Lives of Eminent Zoologists, from Aristotle to Linnus

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Red-blooded Animals.
Respiring by lungs, and having a heart furnished with two ventricles, viviparous, and aquatic,Cetacia.
Those having a heart with a single ventricle,Oviparous Quadrupeds, and Serpents.
Respiring by gills,Fishes.
White-blooded Animals.
{Malacia or Mollusca.
Of large size,{Malacostraca or Crustacea.
{Ostracoderma or Testacea.
Of small size,Insects.

Characterizing the different groups by circumstances connected with their organization, he arranges quadrupeds into those which have undivided hoofs, as the horse; those having cleft hoofs, of which some are ruminant, others not. Of the former, some have permanent concave horns, as oxen, sheep, goats; others have solid deciduous horns, as deer. The cloven-footed animals which do not ruminate are the hog family. The rhinoceros, hippopotamus, tapir, and musk, he classes as anomalous. Of the unguiculate animals, some are ruminant, with two claws only, as the camel; others are carnivorous, with more numerous claws, as cats, dogs, polecats. Some again are herbivorous, with two long front teeth, as hares; and others are toothless,[Pg 173] as the anteater. Other animals of this kind are furnished with wings, and have a short muzzle, as the bats; while some are without wings, as the sloth. Tortoises, lizards, and serpents, bring up the rear.

After this work had been published, he completed a Synopsis of Birds and Fishes, which was sent to Dr Robinson to be printed; but the booksellers who had the copyright neglected it, so that it did not appear until after the author's death, when it was enlarged and edited by Derham in 1713.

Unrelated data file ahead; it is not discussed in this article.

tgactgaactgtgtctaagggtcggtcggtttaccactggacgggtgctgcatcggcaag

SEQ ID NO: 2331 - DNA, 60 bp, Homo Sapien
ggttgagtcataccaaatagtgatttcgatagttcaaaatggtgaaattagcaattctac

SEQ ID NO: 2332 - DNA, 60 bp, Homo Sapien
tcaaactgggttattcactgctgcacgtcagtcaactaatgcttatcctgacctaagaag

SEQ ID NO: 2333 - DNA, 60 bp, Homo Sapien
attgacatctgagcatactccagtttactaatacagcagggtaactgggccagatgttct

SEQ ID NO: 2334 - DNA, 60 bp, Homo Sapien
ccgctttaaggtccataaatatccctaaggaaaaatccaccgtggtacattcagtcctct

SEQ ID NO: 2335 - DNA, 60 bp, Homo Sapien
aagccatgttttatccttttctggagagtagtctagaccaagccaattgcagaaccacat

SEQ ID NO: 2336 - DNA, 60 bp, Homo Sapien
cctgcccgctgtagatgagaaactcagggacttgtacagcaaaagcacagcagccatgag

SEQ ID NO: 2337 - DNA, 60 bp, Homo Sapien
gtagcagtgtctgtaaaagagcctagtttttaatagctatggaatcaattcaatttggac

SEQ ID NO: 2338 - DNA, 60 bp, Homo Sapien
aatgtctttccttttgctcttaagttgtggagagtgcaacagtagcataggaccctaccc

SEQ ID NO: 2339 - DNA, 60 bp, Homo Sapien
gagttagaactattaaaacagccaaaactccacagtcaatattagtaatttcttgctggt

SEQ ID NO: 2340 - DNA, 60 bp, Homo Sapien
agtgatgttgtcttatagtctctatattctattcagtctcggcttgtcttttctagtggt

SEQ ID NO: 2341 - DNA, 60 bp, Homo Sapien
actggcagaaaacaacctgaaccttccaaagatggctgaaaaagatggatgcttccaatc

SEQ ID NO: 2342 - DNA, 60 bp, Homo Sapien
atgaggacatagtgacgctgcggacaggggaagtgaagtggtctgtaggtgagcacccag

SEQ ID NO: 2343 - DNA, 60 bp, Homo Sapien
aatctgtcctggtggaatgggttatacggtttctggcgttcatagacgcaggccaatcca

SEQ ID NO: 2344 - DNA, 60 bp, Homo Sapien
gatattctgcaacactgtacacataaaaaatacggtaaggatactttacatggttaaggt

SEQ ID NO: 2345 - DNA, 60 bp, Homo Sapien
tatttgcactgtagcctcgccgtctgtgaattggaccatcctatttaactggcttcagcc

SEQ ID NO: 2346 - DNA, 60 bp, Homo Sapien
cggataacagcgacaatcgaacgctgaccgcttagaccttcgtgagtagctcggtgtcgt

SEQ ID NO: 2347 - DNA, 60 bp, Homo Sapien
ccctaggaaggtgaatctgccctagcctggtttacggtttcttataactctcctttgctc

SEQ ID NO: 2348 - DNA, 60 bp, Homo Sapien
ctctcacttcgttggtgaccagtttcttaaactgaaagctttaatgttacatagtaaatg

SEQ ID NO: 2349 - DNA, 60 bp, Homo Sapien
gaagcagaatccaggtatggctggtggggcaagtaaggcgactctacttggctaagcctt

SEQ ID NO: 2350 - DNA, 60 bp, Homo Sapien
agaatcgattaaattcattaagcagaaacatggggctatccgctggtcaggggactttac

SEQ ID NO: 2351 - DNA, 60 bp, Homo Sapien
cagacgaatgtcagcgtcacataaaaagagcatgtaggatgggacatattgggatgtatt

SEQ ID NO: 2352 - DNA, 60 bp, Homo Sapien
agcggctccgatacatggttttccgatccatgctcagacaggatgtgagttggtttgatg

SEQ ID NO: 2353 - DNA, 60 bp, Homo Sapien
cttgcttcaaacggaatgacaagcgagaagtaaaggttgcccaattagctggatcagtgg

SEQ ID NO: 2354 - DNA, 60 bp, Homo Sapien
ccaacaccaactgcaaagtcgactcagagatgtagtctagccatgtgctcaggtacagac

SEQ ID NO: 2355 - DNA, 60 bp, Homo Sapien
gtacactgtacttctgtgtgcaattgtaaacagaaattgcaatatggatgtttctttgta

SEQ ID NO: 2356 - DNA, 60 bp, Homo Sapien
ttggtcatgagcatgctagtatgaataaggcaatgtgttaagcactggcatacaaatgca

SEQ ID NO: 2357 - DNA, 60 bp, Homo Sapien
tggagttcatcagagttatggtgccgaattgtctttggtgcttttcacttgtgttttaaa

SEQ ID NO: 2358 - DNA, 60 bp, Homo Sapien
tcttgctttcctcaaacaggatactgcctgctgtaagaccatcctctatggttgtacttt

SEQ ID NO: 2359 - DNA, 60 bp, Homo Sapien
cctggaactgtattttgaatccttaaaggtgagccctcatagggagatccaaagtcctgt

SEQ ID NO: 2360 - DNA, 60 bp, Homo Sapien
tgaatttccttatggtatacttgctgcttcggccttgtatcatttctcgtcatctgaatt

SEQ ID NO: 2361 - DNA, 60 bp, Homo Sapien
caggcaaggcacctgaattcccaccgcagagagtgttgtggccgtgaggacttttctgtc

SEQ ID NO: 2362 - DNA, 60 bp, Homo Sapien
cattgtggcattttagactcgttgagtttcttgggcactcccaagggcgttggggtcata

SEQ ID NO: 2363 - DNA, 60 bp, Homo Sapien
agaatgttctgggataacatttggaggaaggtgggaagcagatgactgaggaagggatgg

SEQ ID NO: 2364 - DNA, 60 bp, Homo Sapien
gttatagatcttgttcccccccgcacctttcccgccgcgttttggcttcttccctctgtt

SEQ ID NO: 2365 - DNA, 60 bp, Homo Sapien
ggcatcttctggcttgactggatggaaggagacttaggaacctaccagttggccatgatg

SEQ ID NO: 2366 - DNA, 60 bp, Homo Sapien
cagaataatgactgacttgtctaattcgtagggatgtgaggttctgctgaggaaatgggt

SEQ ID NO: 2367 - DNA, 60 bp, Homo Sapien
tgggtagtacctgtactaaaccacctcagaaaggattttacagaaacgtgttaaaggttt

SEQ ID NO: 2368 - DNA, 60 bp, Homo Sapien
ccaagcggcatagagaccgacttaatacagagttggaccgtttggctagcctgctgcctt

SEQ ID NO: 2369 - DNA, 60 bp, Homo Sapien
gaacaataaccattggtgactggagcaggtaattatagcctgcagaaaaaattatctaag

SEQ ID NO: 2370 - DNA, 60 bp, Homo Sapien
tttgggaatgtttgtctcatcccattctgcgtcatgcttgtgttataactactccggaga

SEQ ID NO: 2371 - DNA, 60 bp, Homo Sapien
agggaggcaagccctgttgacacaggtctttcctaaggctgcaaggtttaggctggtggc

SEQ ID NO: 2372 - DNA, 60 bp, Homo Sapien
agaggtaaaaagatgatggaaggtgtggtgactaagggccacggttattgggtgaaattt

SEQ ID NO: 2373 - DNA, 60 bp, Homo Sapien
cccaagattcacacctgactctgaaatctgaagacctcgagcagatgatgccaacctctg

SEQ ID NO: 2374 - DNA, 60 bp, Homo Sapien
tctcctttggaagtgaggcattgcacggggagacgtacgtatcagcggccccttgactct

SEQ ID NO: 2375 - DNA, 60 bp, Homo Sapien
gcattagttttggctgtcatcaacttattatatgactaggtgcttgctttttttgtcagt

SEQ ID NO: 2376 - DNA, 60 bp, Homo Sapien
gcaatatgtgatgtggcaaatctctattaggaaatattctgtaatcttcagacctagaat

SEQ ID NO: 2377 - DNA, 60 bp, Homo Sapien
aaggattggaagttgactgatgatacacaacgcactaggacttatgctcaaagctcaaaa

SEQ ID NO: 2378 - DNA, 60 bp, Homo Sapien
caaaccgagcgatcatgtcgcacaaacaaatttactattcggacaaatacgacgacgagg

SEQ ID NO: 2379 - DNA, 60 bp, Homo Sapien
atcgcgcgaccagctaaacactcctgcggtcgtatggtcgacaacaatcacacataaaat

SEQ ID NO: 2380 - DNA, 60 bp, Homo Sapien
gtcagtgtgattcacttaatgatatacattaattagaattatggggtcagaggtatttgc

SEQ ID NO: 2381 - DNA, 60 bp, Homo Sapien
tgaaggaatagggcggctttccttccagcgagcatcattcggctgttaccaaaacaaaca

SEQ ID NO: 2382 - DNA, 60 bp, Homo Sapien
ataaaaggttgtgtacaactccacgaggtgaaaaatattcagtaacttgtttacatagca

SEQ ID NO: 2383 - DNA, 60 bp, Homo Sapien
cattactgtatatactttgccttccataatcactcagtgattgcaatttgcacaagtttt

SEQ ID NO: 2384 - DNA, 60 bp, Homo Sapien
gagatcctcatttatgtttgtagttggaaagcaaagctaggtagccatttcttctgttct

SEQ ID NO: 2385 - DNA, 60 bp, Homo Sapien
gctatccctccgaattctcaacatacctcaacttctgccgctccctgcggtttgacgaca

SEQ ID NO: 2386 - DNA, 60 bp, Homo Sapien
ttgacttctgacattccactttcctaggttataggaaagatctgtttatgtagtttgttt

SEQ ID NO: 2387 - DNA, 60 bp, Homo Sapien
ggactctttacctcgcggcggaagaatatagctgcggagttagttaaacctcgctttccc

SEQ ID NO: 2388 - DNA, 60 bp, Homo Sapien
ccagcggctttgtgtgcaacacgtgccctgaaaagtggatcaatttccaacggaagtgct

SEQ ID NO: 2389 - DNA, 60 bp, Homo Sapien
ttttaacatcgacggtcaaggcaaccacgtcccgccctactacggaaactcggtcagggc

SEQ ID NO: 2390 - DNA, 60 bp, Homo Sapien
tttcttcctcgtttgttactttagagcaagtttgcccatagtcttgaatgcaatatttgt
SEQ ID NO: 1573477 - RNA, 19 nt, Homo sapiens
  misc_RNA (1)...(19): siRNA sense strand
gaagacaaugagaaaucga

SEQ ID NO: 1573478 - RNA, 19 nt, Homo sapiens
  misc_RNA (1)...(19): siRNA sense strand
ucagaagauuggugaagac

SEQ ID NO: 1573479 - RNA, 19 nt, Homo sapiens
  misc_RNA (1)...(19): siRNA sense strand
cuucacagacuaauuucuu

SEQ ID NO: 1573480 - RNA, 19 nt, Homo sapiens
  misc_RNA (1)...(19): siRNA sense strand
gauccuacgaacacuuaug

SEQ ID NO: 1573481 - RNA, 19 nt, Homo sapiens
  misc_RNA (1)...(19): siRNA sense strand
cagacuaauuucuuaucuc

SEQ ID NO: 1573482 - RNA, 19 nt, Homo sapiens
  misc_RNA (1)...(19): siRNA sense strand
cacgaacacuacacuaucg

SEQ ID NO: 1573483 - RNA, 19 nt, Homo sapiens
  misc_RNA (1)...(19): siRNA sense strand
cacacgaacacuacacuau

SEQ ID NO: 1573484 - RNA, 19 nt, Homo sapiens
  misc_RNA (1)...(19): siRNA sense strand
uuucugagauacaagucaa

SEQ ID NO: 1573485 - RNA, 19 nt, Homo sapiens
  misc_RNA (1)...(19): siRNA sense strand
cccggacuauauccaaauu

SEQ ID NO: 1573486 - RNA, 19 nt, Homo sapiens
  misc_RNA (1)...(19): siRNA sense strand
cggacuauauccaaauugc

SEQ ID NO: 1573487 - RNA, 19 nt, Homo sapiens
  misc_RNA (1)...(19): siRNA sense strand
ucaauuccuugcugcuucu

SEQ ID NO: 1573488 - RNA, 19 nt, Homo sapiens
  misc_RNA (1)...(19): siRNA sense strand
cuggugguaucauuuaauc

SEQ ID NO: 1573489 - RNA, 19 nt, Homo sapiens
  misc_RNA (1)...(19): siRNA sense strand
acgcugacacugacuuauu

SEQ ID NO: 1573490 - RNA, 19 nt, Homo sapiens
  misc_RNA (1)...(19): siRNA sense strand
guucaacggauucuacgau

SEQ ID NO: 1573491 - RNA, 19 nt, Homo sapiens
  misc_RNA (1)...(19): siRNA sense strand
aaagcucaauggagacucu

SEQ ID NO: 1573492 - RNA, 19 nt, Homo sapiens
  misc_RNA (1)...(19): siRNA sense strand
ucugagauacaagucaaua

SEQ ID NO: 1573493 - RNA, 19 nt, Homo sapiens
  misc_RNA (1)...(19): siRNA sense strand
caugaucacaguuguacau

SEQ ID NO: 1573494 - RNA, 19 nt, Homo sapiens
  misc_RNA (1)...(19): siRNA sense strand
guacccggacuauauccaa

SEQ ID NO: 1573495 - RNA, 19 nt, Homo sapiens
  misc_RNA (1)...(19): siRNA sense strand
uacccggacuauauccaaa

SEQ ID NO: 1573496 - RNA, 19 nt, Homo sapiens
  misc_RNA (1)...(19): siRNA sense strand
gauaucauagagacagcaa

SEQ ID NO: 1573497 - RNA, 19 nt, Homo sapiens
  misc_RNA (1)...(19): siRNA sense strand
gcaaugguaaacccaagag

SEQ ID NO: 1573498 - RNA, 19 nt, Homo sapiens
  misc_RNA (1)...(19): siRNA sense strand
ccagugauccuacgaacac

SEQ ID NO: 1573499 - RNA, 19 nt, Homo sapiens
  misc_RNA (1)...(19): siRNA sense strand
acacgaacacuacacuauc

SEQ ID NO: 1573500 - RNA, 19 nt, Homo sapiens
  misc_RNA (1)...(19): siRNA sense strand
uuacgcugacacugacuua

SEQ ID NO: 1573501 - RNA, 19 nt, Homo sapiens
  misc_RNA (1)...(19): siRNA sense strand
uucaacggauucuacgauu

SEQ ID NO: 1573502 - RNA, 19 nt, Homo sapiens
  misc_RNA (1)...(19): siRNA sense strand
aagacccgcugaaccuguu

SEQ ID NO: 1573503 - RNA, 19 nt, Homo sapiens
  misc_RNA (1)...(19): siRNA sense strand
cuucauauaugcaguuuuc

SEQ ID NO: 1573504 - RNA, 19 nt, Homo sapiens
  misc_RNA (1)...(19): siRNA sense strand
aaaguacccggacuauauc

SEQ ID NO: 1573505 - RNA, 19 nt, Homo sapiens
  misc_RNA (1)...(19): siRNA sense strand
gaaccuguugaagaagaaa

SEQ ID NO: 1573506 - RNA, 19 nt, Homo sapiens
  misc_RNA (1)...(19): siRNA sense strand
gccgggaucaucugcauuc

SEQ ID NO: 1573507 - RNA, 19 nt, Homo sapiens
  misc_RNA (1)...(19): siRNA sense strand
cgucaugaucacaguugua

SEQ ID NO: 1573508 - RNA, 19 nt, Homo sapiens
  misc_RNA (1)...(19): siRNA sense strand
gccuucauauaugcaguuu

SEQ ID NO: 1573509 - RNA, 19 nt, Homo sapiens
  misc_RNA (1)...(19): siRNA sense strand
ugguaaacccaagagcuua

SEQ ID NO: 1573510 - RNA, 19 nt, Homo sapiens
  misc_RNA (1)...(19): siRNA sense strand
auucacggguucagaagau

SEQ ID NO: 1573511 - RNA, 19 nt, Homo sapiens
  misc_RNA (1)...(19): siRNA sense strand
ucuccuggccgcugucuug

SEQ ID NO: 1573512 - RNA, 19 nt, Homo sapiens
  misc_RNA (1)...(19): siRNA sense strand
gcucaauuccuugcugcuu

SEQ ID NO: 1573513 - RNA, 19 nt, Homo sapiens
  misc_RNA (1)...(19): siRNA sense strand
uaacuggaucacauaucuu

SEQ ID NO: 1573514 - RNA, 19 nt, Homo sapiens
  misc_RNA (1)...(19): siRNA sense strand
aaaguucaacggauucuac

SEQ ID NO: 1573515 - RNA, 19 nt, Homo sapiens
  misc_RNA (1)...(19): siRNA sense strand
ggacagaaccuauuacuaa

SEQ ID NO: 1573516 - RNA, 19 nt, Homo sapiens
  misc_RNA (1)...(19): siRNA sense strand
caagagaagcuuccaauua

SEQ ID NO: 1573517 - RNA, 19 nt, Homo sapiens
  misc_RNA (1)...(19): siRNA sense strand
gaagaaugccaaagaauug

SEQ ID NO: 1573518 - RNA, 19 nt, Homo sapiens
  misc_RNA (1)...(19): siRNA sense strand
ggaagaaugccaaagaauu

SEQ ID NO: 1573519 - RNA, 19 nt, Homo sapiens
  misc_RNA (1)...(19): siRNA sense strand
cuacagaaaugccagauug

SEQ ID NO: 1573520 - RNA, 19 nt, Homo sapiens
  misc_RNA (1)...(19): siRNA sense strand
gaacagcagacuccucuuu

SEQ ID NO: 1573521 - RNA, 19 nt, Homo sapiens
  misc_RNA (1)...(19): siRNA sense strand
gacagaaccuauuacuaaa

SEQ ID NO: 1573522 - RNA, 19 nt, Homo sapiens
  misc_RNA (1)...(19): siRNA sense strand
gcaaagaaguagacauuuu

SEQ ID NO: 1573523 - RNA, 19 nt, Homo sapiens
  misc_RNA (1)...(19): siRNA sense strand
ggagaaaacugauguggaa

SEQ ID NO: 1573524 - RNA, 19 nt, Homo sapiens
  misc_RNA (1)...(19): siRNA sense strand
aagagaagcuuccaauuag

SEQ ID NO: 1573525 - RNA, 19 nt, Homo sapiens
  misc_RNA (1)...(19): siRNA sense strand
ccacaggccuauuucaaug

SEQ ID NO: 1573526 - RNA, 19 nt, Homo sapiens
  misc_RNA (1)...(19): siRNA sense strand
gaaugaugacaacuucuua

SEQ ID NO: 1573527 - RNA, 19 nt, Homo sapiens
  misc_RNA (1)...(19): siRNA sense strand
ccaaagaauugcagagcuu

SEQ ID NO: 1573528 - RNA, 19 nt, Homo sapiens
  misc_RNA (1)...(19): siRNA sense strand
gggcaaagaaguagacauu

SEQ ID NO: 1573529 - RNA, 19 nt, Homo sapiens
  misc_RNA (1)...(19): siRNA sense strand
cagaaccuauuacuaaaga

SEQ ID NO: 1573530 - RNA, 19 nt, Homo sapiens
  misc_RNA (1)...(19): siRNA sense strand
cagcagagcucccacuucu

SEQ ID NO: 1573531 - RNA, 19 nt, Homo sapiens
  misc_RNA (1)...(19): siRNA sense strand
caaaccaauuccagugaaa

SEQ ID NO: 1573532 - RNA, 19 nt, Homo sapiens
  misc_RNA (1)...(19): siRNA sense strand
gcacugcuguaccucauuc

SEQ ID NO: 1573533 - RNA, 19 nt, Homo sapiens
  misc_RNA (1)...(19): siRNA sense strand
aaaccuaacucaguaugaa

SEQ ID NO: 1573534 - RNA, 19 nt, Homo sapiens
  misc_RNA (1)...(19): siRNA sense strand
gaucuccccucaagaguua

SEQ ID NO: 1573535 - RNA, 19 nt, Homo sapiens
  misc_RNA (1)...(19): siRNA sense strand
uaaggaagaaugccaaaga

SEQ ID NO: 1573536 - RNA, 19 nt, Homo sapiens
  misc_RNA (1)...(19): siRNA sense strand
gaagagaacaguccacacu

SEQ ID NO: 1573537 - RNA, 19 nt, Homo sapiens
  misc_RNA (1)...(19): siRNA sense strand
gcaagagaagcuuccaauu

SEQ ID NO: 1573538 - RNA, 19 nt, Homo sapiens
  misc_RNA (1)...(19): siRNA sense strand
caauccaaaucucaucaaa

Having finished these synopses, Mr Ray considered his labours at an end,—a consummation which gave him the more joy, because he had for several years suffered severely in his health. But soon after, he was induced to add to an English translation of Rauwolf's Travels "three Catalogues of such trees, shrubs, and herbs, as grow in the Levant." His next publication was the Catologus Stirpium in Exteris Regionibus Observatarum, consisting of species not growing spontaneously, or at least very rarely seen, in Britain. Having taken occasion in this work to criticize the method of Rivinus, this circumstance gave rise to some literary altercation, the result of which was a more careful revisal of his system, and a republication of his Methodus Plantarum Nova. At this period he was so tormented by a continual diarrhœa and painful ulcers in his legs, which kept him sleepless for whole nights, that he could not walk into the fields, much less visit the botanic gardens, where he might have found materials for his work.

His booksellers being unwilling to incur the pecuniary hazard attending this work, it was transmitted[Pg 174] by Mr Ray to his friend Dr Hotton, professor of botany at Leyden, who got it printed in 1703. The Dutch publishers inserted in the titlepage that it was printed at London for Smith and Walford, the persons who usually took charge of his books; and although the author objected to this proceeding they disregarded his wishes, alleging, that "it was customary among the printers to say what they thought would be for their interest in such cases." This production was very favourably received on the Continent, and Hotton used it as his text-book.